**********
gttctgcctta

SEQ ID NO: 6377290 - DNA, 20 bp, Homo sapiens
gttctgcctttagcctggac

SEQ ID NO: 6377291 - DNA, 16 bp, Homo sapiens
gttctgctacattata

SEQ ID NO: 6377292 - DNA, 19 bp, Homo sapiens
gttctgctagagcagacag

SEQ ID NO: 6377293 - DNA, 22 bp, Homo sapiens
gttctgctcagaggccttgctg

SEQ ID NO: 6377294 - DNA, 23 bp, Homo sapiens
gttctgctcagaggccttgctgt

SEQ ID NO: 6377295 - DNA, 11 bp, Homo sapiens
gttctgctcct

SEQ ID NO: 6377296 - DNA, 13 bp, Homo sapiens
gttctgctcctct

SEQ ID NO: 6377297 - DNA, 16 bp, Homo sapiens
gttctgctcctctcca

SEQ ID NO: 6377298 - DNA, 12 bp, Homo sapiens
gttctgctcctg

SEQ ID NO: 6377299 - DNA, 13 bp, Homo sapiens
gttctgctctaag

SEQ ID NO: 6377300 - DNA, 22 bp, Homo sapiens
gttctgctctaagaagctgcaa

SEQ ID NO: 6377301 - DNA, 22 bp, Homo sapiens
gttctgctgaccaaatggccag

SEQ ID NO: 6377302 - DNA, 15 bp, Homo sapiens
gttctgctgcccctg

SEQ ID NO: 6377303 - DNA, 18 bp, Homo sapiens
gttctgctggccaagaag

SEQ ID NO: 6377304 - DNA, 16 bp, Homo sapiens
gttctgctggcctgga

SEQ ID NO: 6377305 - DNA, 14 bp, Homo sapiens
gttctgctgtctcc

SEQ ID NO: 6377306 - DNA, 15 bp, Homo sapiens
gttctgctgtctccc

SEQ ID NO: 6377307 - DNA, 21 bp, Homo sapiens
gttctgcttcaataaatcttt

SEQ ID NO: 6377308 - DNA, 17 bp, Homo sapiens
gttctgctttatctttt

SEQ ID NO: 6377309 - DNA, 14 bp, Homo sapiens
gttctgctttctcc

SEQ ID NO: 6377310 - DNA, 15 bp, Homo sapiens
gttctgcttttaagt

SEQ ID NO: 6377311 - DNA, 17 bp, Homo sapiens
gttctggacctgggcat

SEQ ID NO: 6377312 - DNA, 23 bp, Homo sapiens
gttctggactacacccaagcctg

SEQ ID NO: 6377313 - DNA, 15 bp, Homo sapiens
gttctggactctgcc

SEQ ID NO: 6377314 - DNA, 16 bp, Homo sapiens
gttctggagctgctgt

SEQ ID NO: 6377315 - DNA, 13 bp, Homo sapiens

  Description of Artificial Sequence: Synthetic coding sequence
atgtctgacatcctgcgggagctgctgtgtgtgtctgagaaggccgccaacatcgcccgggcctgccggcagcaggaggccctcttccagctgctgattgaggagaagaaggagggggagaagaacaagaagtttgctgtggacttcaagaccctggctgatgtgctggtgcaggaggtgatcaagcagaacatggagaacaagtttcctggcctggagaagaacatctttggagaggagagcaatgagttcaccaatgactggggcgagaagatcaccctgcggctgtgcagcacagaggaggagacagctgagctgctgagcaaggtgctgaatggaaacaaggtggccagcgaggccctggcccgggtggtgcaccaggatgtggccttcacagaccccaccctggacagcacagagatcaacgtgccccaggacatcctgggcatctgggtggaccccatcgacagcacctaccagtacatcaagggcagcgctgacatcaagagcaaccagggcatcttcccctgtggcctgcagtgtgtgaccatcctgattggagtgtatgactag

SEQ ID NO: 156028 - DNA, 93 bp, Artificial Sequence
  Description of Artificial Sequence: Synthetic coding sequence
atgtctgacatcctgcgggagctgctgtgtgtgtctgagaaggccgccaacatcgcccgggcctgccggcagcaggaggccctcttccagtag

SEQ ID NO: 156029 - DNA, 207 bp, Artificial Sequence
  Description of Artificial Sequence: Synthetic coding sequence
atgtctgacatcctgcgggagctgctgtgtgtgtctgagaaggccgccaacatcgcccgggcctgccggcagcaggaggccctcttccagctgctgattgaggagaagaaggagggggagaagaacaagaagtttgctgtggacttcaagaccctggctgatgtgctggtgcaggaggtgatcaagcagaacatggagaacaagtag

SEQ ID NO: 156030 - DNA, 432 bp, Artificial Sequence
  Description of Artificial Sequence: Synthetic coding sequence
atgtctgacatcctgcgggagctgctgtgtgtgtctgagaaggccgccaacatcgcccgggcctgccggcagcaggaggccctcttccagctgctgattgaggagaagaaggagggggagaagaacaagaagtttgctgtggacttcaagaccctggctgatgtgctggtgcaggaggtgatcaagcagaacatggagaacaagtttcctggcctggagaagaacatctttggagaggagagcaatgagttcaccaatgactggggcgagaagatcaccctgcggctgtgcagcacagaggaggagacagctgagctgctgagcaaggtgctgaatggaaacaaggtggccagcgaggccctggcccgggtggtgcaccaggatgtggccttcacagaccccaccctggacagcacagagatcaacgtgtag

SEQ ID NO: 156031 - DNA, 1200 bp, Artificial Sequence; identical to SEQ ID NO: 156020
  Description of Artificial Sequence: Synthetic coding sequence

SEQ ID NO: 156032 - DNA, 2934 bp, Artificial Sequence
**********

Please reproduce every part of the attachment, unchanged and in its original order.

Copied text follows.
gttctgcctta

SEQ ID NO: 6377290 - DNA, 20 bp, Homo sapiens
gttctgcctttagcctggac

SEQ ID NO: 6377291 - DNA, 16 bp, Homo sapiens
gttctgctacattata

SEQ ID NO: 6377292 - DNA, 19 bp, Homo sapiens
gttctgctagagcagacag

SEQ ID NO: 6377293 - DNA, 22 bp, Homo sapiens
gttctgctcagaggccttgctg

SEQ ID NO: 6377294 - DNA, 23 bp, Homo sapiens
gttctgctcagaggccttgctgt

SEQ ID NO: 6377295 - DNA, 11 bp, Homo sapiens
gttctgctcct

SEQ ID NO: 6377296 - DNA, 13 bp, Homo sapiens
gttctgctcctct

SEQ ID NO: 6377297 - DNA, 16 bp, Homo sapiens
gttctgctcctctcca

SEQ ID NO: 6377298 - DNA, 12 bp, Homo sapiens
gttctgctcctg

SEQ ID NO: 6377299 - DNA, 13 bp, Homo sapiens
gttctgctctaag

SEQ ID NO: 6377300 - DNA, 22 bp, Homo sapiens
gttctgctctaagaagctgcaa

SEQ ID NO: 6377301 - DNA, 22 bp, Homo sapiens
gttctgctgaccaaatggccag

SEQ ID NO: 6377302 - DNA, 15 bp, Homo sapiens
gttctgctgcccctg

SEQ ID NO: 6377303 - DNA, 18 bp, Homo sapiens
gttctgctggccaagaag

SEQ ID NO: 6377304 - DNA, 16 bp, Homo sapiens
gttctgctggcctgga

SEQ ID NO: 6377305 - DNA, 14 bp, Homo sapiens
gttctgctgtctcc

SEQ ID NO: 6377306 - DNA, 15 bp, Homo sapiens
gttctgctgtctccc

SEQ ID NO: 6377307 - DNA, 21 bp, Homo sapiens
gttctgcttcaataaatcttt

SEQ ID NO: 6377308 - DNA, 17 bp, Homo sapiens
gttctgctttatctttt

SEQ ID NO: 6377309 - DNA, 14 bp, Homo sapiens
gttctgctttctcc

SEQ ID NO: 6377310 - DNA, 15 bp, Homo sapiens
gttctgcttttaagt

SEQ ID NO: 6377311 - DNA, 17 bp, Homo sapiens
gttctggacctgggcat

SEQ ID NO: 6377312 - DNA, 23 bp, Homo sapiens
gttctggactacacccaagcctg

SEQ ID NO: 6377313 - DNA, 15 bp, Homo sapiens
gttctggactctgcc

SEQ ID NO: 6377314 - DNA, 16 bp, Homo sapiens
gttctggagctgctgt

SEQ ID NO: 6377315 - DNA, 13 bp, Homo sapiens

  Description of Artificial Sequence: Synthetic coding sequence
atgtctgacatcctgcgggagctgctgtgtgtgtctgagaaggccgccaacatcgcccgggcctgccggcagcaggaggccctcttccagctgctgattgaggagaagaaggagggggagaagaacaagaagtttgctgtggacttcaagaccctggctgatgtgctggtgcaggaggtgatcaagcagaacatggagaacaagtttcctggcctggagaagaacatctttggagaggagagcaatgagttcaccaatgactggggcgagaagatcaccctgcggctgtgcagcacagaggaggagacagctgagctgctgagcaaggtgctgaatggaaacaaggtggccagcgaggccctggcccgggtggtgcaccaggatgtggccttcacagaccccaccctggacagcacagagatcaacgtgccccaggacatcctgggcatctgggtggaccccatcgacagcacctaccagtacatcaagggcagcgctgacatcaagagcaaccagggcatcttcccctgtggcctgcagtgtgtgaccatcctgattggagtgtatgactag

SEQ ID NO: 156028 - DNA, 93 bp, Artificial Sequence
  Description of Artificial Sequence: Synthetic coding sequence
atgtctgacatcctgcgggagctgctgtgtgtgtctgagaaggccgccaacatcgcccgggcctgccggcagcaggaggccctcttccagtag

SEQ ID NO: 156029 - DNA, 207 bp, Artificial Sequence
  Description of Artificial Sequence: Synthetic coding sequence
atgtctgacatcctgcgggagctgctgtgtgtgtctgagaaggccgccaacatcgcccgggcctgccggcagcaggaggccctcttccagctgctgattgaggagaagaaggagggggagaagaacaagaagtttgctgtggacttcaagaccctggctgatgtgctggtgcaggaggtgatcaagcagaacatggagaacaagtag

SEQ ID NO: 156030 - DNA, 432 bp, Artificial Sequence
  Description of Artificial Sequence: Synthetic coding sequence
atgtctgacatcctgcgggagctgctgtgtgtgtctgagaaggccgccaacatcgcccgggcctgccggcagcaggaggccctcttccagctgctgattgaggagaagaaggagggggagaagaacaagaagtttgctgtggacttcaagaccctggctgatgtgctggtgcaggaggtgatcaagcagaacatggagaacaagtttcctggcctggagaagaacatctttggagaggagagcaatgagttcaccaatgactggggcgagaagatcaccctgcggctgtgcagcacagaggaggagacagctgagctgctgagcaaggtgctgaatggaaacaaggtggccagcgaggccctggcccgggtggtgcaccaggatgtggccttcacagaccccaccctggacagcacagagatcaacgtgtag

SEQ ID NO: 156031 - DNA, 1200 bp, Artificial Sequence; identical to SEQ ID NO: 156020
  Description of Artificial Sequence: Synthetic coding sequence

SEQ ID NO: 156032 - DNA, 2934 bp, Artificial Sequence